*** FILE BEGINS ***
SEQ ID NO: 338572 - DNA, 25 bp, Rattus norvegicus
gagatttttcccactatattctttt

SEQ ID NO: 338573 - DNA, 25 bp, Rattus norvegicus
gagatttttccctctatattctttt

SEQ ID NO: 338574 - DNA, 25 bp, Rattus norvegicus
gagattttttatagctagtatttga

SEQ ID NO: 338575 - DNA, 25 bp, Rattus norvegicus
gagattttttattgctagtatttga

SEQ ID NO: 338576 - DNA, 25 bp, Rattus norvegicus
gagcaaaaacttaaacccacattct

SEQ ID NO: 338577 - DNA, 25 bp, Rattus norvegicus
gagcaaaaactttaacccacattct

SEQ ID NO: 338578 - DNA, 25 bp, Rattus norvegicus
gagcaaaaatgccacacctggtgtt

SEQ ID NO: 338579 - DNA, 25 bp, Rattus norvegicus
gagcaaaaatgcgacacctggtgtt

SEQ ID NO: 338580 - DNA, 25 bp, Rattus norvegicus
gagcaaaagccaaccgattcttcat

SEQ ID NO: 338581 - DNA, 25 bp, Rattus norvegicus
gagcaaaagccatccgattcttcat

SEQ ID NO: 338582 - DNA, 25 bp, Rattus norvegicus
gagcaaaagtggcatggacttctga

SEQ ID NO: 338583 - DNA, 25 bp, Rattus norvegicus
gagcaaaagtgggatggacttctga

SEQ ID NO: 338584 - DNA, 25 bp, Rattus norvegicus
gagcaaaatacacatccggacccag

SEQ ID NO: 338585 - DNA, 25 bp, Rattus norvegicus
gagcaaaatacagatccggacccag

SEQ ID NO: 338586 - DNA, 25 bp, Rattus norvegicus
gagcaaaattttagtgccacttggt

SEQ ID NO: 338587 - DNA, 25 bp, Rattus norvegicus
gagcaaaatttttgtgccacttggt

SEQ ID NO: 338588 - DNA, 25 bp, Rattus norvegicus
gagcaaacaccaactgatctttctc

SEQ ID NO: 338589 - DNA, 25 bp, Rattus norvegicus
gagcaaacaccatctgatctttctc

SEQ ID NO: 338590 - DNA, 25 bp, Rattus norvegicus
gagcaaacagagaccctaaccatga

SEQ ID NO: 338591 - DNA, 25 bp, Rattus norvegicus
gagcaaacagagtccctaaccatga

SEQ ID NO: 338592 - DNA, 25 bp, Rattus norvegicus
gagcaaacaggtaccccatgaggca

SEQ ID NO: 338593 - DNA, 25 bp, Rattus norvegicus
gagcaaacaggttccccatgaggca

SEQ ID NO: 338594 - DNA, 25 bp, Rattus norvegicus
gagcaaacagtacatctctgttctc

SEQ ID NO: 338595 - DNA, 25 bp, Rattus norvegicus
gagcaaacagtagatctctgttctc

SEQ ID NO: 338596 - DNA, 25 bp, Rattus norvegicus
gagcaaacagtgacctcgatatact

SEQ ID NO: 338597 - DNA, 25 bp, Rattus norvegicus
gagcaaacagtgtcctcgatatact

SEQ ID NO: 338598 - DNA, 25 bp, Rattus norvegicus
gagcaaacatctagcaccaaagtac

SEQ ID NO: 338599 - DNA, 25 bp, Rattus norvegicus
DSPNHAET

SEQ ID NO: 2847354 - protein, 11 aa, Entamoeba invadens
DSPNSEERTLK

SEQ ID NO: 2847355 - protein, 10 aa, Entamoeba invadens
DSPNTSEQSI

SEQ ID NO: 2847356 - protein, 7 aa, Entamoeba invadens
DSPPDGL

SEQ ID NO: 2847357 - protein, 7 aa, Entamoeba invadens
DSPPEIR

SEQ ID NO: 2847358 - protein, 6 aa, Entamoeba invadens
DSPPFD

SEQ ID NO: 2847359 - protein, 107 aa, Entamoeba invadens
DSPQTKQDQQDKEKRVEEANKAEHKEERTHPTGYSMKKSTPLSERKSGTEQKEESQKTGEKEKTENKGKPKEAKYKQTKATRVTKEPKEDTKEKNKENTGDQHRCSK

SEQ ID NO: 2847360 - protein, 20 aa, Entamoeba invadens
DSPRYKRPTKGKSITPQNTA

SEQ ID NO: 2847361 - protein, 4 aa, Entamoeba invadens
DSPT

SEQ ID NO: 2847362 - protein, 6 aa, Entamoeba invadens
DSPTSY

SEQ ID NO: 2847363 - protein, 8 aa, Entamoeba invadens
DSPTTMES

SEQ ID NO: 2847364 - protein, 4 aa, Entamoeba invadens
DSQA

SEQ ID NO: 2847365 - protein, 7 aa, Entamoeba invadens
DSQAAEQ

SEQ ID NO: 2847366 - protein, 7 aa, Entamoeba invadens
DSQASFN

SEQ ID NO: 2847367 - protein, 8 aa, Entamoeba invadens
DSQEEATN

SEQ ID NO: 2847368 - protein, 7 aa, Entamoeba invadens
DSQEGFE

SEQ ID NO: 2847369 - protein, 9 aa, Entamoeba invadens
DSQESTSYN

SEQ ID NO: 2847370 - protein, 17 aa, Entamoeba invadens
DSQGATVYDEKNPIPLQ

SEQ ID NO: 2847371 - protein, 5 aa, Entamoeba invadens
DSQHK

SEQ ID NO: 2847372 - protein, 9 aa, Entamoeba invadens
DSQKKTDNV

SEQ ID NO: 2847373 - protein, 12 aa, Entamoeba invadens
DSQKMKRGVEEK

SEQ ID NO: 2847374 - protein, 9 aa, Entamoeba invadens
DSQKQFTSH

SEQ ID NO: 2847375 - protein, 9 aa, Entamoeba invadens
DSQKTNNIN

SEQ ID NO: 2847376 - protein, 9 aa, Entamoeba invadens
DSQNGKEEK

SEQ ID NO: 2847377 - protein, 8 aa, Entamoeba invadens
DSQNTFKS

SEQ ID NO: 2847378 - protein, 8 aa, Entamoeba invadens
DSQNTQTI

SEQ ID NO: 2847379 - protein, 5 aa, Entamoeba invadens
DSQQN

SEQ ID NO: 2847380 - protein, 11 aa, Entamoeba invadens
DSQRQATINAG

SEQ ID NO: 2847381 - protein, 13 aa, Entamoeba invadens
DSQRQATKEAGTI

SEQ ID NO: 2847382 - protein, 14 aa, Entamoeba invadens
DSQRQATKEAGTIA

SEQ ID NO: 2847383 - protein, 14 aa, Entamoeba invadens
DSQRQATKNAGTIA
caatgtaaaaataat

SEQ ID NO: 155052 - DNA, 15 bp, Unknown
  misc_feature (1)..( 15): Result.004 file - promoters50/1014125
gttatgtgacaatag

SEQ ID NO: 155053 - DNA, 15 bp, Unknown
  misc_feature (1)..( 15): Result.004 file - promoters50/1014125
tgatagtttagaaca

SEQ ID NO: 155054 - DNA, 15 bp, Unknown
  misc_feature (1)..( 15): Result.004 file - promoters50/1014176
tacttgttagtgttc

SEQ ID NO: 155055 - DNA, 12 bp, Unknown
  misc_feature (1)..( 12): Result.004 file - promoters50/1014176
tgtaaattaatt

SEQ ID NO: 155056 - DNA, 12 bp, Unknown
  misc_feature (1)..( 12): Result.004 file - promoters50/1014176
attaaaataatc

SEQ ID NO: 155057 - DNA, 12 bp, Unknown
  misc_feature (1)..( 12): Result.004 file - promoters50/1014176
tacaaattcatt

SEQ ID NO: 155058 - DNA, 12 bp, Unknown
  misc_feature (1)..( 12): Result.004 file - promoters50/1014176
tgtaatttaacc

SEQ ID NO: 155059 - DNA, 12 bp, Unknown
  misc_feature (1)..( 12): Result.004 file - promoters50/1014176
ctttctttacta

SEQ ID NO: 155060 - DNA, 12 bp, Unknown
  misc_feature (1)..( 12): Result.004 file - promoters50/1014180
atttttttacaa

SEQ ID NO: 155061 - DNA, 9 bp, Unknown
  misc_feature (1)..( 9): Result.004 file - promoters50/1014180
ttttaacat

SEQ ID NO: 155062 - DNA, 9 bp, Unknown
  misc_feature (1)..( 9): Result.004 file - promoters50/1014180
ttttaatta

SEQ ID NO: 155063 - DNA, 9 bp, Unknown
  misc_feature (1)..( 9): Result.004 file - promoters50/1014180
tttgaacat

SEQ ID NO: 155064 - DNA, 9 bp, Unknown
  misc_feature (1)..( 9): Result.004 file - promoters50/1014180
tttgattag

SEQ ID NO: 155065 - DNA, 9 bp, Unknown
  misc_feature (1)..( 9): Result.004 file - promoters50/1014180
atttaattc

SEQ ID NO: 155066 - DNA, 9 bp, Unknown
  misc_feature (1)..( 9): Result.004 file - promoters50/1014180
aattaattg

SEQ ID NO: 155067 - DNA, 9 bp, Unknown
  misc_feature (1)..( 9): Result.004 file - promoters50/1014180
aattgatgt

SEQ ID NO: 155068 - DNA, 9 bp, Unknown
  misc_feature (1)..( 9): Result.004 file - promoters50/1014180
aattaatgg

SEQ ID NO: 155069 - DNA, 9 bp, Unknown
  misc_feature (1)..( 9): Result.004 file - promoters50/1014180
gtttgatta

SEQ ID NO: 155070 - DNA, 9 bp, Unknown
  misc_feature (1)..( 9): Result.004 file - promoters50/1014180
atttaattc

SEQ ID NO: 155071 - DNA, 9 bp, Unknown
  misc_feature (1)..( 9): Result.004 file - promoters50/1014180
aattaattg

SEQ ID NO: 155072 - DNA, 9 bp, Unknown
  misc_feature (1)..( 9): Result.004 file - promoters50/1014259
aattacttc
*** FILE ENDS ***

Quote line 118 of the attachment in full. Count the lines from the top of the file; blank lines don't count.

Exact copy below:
SEQ ID NO: 155052 - DNA, 15 bp, Unknown